Flapjacks (nice ones, with raisins etc. in them), malt loaf, Kendal mint cake (which, for anyone who doesn't know it, is basically a bar of sugar flavoured with peppermint oil), fig rolls. Mixture of sunflower seeds, pumpkin seeds, raisins, sultanas and cranberries. Green-ear (vegetarian) Percy Pigs. For longer runs, cheese and onion pasties, or sandwiches. At race aid stations I've happily scarfed down crisps, cheese wraps, cake, fruit.
Agree with CheesyRider - it has to be what YOU like to eat.
MSaxp, I think that the time mine had to really rest (the brace supported the arch of the foot; standard orthotics might do so reasonably well, less uncomfortably and without immobilising the ankle) was important, followed by the strengthening exercises for the posterior tibial and all the associated soft tissue structures. I minimised walking during those six months as well. In general, us runners are an impatient lot and often don't give an injury enough time off to really let it heal. PTT has a really poor blood supply; it's going to take time.
I hate to tell you this, but I think you need to do NO running while starting to not only strengthen the glutes but also the posterior tibial and associated foot and ankle structures. There are exercises specifically to strengthen posterior tibial - theraband exercises, and if you can do them without pain, single leg heel raises. Also lots of proprioceptive exercises (standing on one leg, then eyes closed, then on wobble board/cushion) and e.g. intrinsic foot muscle and toe strengthening exercises. I would NOT recommend a steroid injection as this is considered to increase the risk of rupture of the tendon.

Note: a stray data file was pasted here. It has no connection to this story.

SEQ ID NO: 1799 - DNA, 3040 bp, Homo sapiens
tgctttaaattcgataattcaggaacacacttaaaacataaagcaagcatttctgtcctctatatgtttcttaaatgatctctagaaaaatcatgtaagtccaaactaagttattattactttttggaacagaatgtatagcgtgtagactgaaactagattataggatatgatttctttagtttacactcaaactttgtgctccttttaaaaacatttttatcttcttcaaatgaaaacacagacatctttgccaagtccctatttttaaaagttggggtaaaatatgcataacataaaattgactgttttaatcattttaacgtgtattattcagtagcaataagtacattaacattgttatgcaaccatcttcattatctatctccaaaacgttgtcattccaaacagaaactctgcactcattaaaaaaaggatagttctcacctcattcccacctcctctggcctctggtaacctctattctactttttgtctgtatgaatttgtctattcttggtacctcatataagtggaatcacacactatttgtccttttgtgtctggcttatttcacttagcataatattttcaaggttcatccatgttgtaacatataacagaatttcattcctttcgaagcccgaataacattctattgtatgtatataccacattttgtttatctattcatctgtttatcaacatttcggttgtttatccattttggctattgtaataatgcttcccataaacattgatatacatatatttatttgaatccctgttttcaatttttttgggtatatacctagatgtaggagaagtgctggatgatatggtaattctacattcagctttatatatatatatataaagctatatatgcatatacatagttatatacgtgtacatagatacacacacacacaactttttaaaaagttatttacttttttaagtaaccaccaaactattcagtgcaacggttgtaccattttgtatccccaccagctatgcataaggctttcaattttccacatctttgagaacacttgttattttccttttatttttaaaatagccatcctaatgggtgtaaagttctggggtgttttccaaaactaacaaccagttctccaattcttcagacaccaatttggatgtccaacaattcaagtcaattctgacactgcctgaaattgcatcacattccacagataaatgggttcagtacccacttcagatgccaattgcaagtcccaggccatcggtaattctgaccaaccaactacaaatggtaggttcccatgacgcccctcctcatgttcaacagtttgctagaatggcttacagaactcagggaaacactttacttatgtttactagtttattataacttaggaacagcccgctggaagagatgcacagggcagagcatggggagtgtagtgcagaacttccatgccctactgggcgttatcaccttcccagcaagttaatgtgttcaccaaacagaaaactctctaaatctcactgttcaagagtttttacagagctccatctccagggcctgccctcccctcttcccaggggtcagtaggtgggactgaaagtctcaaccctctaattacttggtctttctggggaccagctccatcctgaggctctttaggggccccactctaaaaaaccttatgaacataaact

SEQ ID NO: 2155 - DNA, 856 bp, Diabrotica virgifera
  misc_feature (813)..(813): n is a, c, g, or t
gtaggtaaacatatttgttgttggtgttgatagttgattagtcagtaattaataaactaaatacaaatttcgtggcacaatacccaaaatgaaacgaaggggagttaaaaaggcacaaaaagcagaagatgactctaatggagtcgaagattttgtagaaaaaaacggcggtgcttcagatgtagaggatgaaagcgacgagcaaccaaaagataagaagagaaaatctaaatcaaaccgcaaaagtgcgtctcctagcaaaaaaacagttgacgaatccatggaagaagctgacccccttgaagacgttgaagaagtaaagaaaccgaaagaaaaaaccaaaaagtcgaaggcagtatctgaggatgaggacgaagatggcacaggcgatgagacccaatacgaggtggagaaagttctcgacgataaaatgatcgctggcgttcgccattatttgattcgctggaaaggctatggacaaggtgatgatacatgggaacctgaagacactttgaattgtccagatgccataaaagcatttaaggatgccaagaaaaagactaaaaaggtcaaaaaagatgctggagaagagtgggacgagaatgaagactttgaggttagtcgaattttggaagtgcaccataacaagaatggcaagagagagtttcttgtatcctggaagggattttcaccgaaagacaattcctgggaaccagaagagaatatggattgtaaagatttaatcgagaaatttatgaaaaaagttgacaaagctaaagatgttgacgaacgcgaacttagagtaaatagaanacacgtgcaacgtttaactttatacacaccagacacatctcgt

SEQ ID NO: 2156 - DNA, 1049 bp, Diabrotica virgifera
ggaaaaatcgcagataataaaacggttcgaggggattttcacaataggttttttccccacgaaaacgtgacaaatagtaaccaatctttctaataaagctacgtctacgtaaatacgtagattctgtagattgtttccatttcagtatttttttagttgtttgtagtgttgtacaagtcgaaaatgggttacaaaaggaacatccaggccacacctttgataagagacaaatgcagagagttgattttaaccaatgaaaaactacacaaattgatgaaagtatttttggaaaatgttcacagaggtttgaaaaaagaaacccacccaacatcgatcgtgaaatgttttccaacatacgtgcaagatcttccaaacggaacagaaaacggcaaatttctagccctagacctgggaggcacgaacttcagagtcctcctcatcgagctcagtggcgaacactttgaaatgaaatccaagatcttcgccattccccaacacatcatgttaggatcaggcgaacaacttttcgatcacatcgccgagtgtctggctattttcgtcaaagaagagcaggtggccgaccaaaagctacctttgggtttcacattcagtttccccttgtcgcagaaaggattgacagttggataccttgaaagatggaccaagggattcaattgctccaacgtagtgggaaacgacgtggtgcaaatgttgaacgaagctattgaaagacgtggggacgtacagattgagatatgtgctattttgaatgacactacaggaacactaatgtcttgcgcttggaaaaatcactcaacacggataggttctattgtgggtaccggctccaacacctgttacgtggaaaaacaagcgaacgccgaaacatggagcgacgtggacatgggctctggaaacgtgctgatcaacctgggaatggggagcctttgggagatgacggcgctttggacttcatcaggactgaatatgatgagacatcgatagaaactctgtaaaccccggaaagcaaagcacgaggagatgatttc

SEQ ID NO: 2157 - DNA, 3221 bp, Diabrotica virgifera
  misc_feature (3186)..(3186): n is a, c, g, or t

I nursed mine through five 50-milers last year and it felt like it was getting better... Then I came off my bicycle and tore the tendon (partial not full tear). Result: five months in a PTT ankle brace (Aircast), six months of no running. Really stiff ankle once I was out the brace and I've had to restart running very carefully (taken three months to work up to running eight miles or so) because MRI indicated degeneration as well as the tear. I can now do 30 reps on the theraband exercises and 2 x 25 single-leg heel raises, and my balance on the bad leg is improving.
This is a nice introduction to ultras. Get there early to park your car where you pass it on each lap; that way you can grab food and water without adding extra distance and without going down to the big car park and back up again.
There IS water available but it can run quite slowly - it's faster to refill bottles/water bladder if you have your own in the car boot. Try to ensure your car boot is well organised so you don't lose time looking for things you've mislaid...
There's no aid station elsewhere, just at the end of each loop (so at 5, 20, 35 miles). You need to carry what you'll want in between; I didn't find that a problem. Last year it was fine weather and I ended up not bothering to carry most of my usual emergency gear - there are lots of other people around (walkers, cyclists etc.) so even if you injured yourself badly and couldn't walk, someone would be around to go get help.
The ascent in each lap is noticable, but minor compared to e.g. SDW50, NDW40, Lakeland 50 (UTLD).
I blogged about this last year - see http://runningape.wordpress.com/2013/09/24/lastly-ladybower/